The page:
By allowing ads to appear on this site, you support the local businesses who, in turn, support great journalism.
Falcons training camp preview: A season for the ages?
Falcons running back Michael Turner looks for running room in a game against the Carolina Panthers last season. - photo by The Associated Press

Roddy White a no-show

Top pick Jerry signs, joins camp 

Training camp starts today

When: 8:30 a.m.

Where: Flowery Branch

How much: Free

For more info: Pick a copy of The Times today for a full preview of Falcons training camp.

The Atlanta Falcons were the talk of the NFL last year as they surprised everyone by winning 11 games and reaching the playoffs for the first time since 2005 when a Michael Vick-led team reached the NFC Championship Game. And they accomplished that feat with a rookie quarterback, a never-before-featured running back and a coach and general manager that had never held those positions before.

This year, expectations are high. Matt Ryan is in his second year as the starting signal caller, Michael Turner has proven he can carry the workload in the backfield and management and the coaching staff have worked wonders to replace some departed veterans on defense and improve the offense with the addition of a Hall of Famer. But one question still remains: Will this year’s Falcons team be the first in franchise history to record back-to-back winning seasons?

Only time will tell, but here are a few reasons why they will win more than eight games and a few why they may not.

Why they will

1. Better in Year 2

With his 3,440 yards passing and 16 touchdowns, Ryan ran away with the Rookie of the Year award last year and there’s no reason to believe that he won’t be able to equal or surpass those numbers this year. He now has two offseasons and a regular season under his belt, and any questions or concerns about whether he can adjust to being an NFL quarterback have long been answered. Ryan has three talented wide receivers to throw to, and he’s improved on his ability to read defenses, which should cut down on the 11 interceptions he had in 2008. Not to mention he got another target in April when the Falcons aquired tight end Tony Gonzalez from the Kansas City Chiefs. Speaking of No. 88...

2. New redzone target

Entering his 13th season in the NFL, Gonzalez brings veteran leadership and a skill set that the Falcons haven’t had in a long time. Last year, the 33-year-old tight end had 96 receptions for 1,058 yards and 10 touchdowns for the Chiefs. Imagine what he will do with an offense that was sixth in the NFL in total offense in 2008. Gonzalez, who stands 6-foot-5, gives the Falcons and Ryan a dependable third-down option as well as a big target to throw to inside the 20.

3. Fewer questions than the competition

Since the NFC South was formed in 2002, no team has made the playoffs in back-to-back seasons, so why will the Falcons? For starters, no one expected them to reach the playoffs last year, and most prognosticators believed that the team got better earlier than expected. This year’s version knows what it takes to reach the postseason and although they lost some key players on defense, the offense is back and ready to prove that last year wasn’t a fluke. The Falcons are arguably the most complete team in the NFC South, with Tampa Bay having questions on both sides of the ball, New Orleans still having its issues on defense and Carolina wondering how its offense will perform after its quarterback Jake Delhomme threw six interceptions in a playoff loss last year. Defense is a concern for Atlanta, but filling the voids of Lawyer Milloy and Grady Jackson are less of a worry than the other teams have.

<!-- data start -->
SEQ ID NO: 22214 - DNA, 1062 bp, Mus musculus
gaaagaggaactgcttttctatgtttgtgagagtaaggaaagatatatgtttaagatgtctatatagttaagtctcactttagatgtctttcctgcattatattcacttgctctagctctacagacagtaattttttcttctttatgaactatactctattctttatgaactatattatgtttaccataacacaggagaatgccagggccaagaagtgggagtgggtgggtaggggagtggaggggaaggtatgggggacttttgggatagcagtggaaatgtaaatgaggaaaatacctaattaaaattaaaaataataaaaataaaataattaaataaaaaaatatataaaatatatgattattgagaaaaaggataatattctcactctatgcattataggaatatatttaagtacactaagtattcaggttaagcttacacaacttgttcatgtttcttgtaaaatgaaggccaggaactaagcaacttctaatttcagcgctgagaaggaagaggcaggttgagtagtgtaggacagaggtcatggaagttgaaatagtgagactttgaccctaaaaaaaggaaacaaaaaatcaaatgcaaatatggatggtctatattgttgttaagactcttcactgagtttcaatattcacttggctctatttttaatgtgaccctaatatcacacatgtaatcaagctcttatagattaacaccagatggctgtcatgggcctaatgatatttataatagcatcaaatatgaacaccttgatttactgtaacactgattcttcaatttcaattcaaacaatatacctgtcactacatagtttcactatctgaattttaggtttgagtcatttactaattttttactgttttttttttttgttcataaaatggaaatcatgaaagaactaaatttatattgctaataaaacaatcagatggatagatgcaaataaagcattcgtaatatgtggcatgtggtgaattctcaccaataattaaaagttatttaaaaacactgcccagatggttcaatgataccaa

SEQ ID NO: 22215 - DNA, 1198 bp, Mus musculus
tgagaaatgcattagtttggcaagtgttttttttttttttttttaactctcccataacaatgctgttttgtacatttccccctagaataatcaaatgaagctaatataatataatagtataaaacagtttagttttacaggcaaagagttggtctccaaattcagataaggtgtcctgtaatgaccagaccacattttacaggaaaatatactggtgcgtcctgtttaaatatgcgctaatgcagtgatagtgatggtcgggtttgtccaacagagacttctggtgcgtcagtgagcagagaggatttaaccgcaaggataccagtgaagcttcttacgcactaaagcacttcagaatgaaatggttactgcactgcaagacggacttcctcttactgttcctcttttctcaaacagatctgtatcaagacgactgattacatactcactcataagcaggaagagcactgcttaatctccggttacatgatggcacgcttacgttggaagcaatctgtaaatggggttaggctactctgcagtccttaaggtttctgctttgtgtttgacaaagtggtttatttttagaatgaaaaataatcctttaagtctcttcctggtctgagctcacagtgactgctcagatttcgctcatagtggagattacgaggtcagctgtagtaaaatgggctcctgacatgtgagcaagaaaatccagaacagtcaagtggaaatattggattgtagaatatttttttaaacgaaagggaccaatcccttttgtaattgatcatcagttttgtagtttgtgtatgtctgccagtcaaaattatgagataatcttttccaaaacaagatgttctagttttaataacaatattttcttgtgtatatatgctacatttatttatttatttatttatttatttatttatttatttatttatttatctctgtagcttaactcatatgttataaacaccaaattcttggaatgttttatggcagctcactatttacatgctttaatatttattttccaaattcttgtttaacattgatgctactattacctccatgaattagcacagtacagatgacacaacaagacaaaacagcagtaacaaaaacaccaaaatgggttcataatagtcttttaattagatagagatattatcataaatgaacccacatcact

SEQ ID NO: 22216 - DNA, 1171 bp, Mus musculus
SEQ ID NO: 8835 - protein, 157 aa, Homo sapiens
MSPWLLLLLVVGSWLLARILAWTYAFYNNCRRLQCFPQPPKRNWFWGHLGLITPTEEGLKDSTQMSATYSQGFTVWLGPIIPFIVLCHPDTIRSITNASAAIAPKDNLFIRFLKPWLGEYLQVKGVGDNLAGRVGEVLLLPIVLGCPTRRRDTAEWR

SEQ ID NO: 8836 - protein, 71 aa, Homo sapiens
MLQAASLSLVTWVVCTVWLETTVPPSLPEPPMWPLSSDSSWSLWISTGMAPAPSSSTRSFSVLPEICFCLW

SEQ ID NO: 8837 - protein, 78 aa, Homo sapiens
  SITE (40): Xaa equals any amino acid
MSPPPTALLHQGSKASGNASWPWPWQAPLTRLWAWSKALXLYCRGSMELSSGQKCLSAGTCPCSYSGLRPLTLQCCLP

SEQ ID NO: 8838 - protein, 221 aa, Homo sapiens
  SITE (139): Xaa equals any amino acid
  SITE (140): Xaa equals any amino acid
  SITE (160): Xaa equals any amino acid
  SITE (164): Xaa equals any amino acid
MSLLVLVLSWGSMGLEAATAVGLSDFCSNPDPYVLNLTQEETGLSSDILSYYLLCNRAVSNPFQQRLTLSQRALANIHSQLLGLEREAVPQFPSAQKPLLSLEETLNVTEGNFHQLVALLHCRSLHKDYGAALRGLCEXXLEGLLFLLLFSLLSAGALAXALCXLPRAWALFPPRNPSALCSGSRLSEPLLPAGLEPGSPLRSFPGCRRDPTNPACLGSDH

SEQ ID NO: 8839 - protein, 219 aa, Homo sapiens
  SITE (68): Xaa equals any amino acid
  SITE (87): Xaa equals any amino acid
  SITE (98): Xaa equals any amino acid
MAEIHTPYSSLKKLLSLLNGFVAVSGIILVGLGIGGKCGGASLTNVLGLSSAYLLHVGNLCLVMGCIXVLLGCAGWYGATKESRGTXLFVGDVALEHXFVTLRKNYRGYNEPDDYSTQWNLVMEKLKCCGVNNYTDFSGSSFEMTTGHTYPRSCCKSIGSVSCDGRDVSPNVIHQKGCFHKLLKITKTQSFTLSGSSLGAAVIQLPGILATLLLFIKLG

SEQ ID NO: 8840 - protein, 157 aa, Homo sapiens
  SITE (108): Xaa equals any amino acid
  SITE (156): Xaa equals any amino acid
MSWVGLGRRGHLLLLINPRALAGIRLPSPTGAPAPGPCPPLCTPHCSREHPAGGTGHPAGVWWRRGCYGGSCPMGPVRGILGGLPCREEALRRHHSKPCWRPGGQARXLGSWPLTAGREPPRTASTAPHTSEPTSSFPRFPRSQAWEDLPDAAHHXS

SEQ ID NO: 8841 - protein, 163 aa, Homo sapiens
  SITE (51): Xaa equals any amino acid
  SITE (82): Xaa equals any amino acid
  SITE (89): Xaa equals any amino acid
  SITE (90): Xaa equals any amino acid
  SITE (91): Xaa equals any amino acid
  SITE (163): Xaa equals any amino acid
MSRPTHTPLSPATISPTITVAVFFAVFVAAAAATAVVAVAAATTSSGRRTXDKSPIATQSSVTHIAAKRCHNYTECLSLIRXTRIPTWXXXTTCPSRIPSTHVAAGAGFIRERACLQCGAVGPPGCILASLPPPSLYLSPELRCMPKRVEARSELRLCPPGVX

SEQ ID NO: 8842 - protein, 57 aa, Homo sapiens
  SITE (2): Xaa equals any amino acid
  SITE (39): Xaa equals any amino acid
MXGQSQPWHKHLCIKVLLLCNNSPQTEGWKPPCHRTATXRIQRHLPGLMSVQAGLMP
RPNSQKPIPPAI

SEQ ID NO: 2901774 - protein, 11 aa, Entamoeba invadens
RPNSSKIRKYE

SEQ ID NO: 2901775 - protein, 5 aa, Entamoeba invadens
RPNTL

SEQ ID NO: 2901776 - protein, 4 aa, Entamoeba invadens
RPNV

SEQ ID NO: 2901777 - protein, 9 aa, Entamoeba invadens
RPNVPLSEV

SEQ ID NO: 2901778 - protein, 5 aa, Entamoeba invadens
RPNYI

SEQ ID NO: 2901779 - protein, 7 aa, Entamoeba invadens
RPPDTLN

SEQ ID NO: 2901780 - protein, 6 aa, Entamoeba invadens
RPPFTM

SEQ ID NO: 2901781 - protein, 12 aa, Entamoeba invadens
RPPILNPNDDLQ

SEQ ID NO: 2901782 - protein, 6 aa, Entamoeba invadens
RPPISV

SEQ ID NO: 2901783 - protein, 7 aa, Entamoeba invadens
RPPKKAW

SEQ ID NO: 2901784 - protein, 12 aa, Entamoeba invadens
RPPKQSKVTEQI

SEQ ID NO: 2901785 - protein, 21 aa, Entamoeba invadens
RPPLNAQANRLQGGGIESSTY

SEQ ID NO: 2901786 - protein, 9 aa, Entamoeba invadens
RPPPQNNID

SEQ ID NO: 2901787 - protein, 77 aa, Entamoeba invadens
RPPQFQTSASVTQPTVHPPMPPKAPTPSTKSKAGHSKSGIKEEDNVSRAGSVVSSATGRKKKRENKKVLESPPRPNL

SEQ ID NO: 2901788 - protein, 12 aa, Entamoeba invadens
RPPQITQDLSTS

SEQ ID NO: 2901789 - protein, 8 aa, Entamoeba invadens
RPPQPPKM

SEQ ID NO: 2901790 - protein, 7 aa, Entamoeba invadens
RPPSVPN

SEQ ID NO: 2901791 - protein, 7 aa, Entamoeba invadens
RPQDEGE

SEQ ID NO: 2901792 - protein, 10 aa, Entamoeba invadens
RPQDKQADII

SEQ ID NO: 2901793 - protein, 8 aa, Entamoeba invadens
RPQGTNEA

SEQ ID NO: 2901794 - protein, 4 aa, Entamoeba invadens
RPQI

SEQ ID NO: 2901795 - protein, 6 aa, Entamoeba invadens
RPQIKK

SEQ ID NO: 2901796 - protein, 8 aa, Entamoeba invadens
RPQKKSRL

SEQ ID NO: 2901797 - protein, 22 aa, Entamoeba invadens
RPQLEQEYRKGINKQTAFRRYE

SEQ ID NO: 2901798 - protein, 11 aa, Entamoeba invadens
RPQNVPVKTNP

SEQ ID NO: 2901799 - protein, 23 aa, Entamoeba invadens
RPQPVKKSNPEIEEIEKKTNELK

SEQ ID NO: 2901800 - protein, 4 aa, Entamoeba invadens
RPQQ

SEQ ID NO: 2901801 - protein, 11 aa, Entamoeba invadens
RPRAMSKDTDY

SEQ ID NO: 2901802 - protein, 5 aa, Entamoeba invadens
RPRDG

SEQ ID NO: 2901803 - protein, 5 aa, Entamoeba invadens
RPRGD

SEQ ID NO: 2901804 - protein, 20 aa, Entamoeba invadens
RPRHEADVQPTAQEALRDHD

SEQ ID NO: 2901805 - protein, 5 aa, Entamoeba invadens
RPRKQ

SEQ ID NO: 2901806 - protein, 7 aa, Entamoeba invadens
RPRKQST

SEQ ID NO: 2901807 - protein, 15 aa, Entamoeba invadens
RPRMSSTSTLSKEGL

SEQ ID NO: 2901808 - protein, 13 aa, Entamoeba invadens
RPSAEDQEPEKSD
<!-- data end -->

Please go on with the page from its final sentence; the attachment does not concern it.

Why they won’t

1. What if Turner’s burner gets broken?

No one wants to think about injuries before a season starts, but if the Falcons have one position (besides quarterback) where they cannot afford an injury it’s at running back. Sure, Jerious Norwood is a nice complement to Turner’s bruising style of running, but if Turner suffers an injury, it could spell doom for the entire offense. Don’t think the Falcons aren’t aware of this, as the team has already stated that they want to cut down on the 376 carries that Turner had in 2008 (just for the record, he had only 228 career carries entering last season). The addition of Gonzalez should help ease that workload, but the Falcons’ offense lives by the rushing game and if those carries catch up to Turner, Atlanta will be left without a feature tailback.

2. Toughness of schedule

The Falcons took advantage of the NFL’s ninth easiest schedule last year, but they won’t have that luxury this season. Of the team’s 13 opponents, only two teams (San Francisco and Buffalo) had records below .500 last season and both those teams finished 7-9. Atlanta has the NFL’s fourth-toughest schedule this year and they open the season against three teams (Miami, Carolina and New England) that won a combined 34 games a year ago. There’s no easy stretch in this year’s schedule, and the hardest month could come in November when Atlanta plays at New Orleans (on Monday night), vs. Washington (on short rest), at Carolina and then at the New York Giants. That four-game stretch could determine whether the Falcons can finish with a winning record.

3. Where’s the D?

Lawyer Milloy? Gone. Grady Jackson? Gone? Longtime Falcon Keith Brooking? Yep, he’s gone too. Atlanta rid itself of the veterans on defense during the offseason and filling the voids are a few unknowns and a slew of rookies. That doesn’t bode well for a team that ranked 24th in total defense in 2008. Everyone knows that the offense is capable of scoring a wealth of points, but the inconsistencies on defense are a concern entering camp. John Abraham is certainly capable of equaling his 16.5 sacks of 2008, but who will step up and help him anchor the defense?

Friends to Follow social media